Reviews for Now Is Your Time! : The African-american Struggle for Freedom

Kirkus Reviews 1991 December
What happens when a gifted novelist (Scorpions, 1988, Newbery Honor) chooses to write the story of his people? In this case, the result is engrossing history with a strong unifying theme, the narrative enriched with accounts of outstanding lives. With well-chosen specifics and lucid generalizations, Myers recounts the history of African-Americans, skillfully providing a context for longer treatment of events with far-reaching significance (e.g., the involvement of black soldiers in the Civil War or landmark cases like Plessy vs. Ferguson and Brown vs. Board of Education). Most compelling are the interwoven stories of representative African-Americans, bringing the history vividly to life: Ibrahima, unconquerable African prince; James Forten, entrepreneur; George Latimer, a fugitive who won his freedom but ended his life ``a deeply troubled man''; Ida B. Wells, journalist; Meta Vaux Warrick, sculptor; and many more. The complex emotions generated by the more recent Civil Rights movement make it difficult to summarize, but even here Myers's entire presentation is dignified, well balanced, and without rancor, reflecting--like many of the lives he depicts--the movement's generous spirit. Speaking as an African-American, Myers concludes with an eloquent homily recalling the noble qualities of the people he has described and reminding readers that we should ``be no less than we can be'' and that ``before you can go forward, you must know where you have been.'' For Americans of any color, he makes a notably persuasive case for doing both. Bibliography; b&w photos and index not seen. (Nonfiction. 11+) Copyright 1999 Kirkus Reviews

Publishers Weekly Reviews 1991 November #1
Combining the emotional and plot-weaving powers of his novelist talents with a strong author's presence, Myers portrays the quests of individual Africans against the background of broader historical movements. Instead of a comprehensive, strict chronology, Myers offers, through freed slave Ibrahima, investigative reporter Ida Wells, artist Meta Warrick Fuller, inventor George Latimore, artist Dred Scott, the 54th Massachusetts Regiment and others, history at its best--along with deeper understanding of past and contemporary events. Readers will grasp reasons behind incidents ranging from bewildering Supreme Court decisions to the historical need for the black extended family. Intriguing and rousing. Photos not seen by PW. Ages 11-up. (Nov.) Copyright 1991 Cahners Business Information.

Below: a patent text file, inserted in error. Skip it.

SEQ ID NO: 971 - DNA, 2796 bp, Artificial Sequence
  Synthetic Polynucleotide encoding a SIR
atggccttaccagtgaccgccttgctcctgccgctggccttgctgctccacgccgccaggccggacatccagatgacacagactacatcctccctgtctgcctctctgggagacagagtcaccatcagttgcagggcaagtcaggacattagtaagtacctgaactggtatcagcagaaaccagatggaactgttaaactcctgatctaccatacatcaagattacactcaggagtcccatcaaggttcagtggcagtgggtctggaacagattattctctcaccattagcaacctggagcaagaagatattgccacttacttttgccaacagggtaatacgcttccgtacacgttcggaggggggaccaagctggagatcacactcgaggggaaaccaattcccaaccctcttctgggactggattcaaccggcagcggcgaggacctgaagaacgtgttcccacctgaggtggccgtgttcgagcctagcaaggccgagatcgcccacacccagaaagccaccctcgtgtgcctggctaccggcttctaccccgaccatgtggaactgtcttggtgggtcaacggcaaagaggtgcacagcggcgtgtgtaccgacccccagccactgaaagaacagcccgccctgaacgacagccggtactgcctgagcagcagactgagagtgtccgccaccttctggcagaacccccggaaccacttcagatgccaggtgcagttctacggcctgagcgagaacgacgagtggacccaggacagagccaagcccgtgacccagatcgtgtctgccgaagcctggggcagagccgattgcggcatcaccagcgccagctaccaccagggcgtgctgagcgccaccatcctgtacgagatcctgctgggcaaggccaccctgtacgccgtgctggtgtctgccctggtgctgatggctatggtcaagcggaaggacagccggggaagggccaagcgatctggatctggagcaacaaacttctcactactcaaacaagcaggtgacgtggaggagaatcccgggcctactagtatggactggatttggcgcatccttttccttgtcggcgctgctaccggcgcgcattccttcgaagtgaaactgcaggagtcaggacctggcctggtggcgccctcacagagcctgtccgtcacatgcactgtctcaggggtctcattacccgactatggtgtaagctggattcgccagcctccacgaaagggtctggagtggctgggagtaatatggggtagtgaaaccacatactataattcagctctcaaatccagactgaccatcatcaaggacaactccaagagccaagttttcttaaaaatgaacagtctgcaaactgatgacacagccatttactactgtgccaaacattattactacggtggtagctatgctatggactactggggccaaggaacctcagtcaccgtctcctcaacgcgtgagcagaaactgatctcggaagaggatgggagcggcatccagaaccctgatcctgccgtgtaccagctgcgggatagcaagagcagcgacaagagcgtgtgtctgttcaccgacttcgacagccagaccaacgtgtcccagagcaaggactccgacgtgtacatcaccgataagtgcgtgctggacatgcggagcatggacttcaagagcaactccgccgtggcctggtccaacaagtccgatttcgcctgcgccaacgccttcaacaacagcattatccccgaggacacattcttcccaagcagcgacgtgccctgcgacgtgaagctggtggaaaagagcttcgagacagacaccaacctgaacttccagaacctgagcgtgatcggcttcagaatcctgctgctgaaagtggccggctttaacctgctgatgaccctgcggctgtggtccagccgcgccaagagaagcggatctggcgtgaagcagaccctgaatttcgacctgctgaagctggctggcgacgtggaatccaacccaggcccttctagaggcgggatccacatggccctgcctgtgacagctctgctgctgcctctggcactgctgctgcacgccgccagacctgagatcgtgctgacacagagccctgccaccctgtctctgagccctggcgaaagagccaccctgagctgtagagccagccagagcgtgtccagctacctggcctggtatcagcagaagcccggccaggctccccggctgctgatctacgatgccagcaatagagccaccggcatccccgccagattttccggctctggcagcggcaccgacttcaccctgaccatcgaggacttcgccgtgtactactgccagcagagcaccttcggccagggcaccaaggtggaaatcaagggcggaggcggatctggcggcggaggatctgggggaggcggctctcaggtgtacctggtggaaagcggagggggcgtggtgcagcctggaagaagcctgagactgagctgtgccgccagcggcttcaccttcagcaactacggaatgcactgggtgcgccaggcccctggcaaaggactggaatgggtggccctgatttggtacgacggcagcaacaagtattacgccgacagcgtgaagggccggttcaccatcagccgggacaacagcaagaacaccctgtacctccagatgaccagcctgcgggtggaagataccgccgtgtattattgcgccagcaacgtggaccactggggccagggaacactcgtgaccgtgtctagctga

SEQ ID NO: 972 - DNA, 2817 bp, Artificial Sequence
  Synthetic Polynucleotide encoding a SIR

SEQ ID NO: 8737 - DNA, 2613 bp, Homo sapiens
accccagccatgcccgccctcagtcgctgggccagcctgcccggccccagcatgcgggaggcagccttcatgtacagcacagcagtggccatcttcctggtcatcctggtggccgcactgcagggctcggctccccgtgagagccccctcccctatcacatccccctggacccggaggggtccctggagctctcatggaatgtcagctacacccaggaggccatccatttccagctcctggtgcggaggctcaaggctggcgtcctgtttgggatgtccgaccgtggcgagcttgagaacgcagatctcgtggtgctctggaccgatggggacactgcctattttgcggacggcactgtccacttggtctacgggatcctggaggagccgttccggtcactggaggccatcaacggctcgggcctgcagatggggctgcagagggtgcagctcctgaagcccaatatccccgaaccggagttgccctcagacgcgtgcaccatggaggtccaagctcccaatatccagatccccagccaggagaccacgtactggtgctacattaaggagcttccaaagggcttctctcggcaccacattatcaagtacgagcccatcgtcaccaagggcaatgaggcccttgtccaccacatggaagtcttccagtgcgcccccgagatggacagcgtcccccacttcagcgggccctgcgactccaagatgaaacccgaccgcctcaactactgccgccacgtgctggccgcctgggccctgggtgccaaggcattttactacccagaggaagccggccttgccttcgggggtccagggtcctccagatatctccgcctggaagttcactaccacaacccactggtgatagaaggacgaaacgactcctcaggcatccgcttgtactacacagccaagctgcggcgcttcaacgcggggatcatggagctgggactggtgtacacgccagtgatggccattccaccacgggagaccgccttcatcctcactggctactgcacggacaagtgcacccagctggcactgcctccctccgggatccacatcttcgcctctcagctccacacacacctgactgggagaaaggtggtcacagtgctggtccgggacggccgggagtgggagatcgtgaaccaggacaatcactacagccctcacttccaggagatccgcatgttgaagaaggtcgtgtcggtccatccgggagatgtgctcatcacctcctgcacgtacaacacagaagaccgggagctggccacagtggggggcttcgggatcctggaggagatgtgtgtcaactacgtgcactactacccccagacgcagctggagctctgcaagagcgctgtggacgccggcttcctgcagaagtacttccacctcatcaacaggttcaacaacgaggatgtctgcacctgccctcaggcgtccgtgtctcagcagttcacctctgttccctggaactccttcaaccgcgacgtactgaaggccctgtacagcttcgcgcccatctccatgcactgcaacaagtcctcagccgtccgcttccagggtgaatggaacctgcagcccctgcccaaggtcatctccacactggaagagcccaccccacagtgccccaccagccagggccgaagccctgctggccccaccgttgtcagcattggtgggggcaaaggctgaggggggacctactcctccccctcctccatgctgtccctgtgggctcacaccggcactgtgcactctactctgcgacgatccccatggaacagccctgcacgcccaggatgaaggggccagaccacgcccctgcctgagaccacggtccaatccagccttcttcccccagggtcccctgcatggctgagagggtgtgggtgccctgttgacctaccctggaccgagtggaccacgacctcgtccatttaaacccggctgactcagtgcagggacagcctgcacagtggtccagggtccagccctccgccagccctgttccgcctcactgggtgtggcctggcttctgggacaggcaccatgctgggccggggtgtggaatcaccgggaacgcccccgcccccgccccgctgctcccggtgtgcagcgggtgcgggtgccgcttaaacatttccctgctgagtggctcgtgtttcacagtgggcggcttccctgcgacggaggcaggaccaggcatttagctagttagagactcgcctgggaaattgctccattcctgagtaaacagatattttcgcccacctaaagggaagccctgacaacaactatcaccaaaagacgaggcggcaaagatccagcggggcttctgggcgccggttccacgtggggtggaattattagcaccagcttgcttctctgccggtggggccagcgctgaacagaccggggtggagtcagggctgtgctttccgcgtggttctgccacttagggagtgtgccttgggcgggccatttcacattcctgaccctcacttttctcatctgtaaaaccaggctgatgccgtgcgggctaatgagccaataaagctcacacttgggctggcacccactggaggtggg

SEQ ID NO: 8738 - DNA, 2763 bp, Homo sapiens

School Library Journal Reviews 1992 March
Gr 6 Up-- An attractive, interestingly written book that combines biographical vignettes with narrative history. By highlighting several generations of specific families, Myers eloquently conveys how they were present at, and participated in, the events that formed our nation. His chapter, ``To Be a Slave'' is full of fascinating and moving primary-source materials that are thoughtfully analyzed. Complex subjects like the meaning of the Constitutional Convention and the Dred Scott case are made comprehensible. Yet, interspersing biographies within the narrative creates confusing transitions. Also, the sense of time and historical development is in some cases lost, as in the chapter in which the pre-Revolution colonists' ways of establishing a slave labor system are illustrated with quotations from the 1840s and 1850s. Focus and historical significance are not always clear. For instance, through the 1920s the most famous African-Americans are bypassed in favor of vignettes of courageous lesser-known people; in the final two chapters people of this sort disappear, with the emphasis shifting to prominent leaders of the 1950s and '60s. Have the criteria for who is ``important'' changed? The ``Author's Note'' and the ``Select Bibliography'' provide some mention of where Myers obtained the information, but the text isn't fully documented. Some quotations cite no sources. It appears that thoughts and feelings are fictionalized in the biographies, but this is not mentioned in the note. What this book does in connecting a wide variety of African-Americans with their time in American history is unique. Despite its limitations, it should have a wide audience. But histories for young readers that adequately reflect the excellent research of recent years on the African-American experience are yet to come. --Loretta Kreider Andrews, Enoch Pratt Free Library, Baltimore Copyright 1992 Cahners Business Information.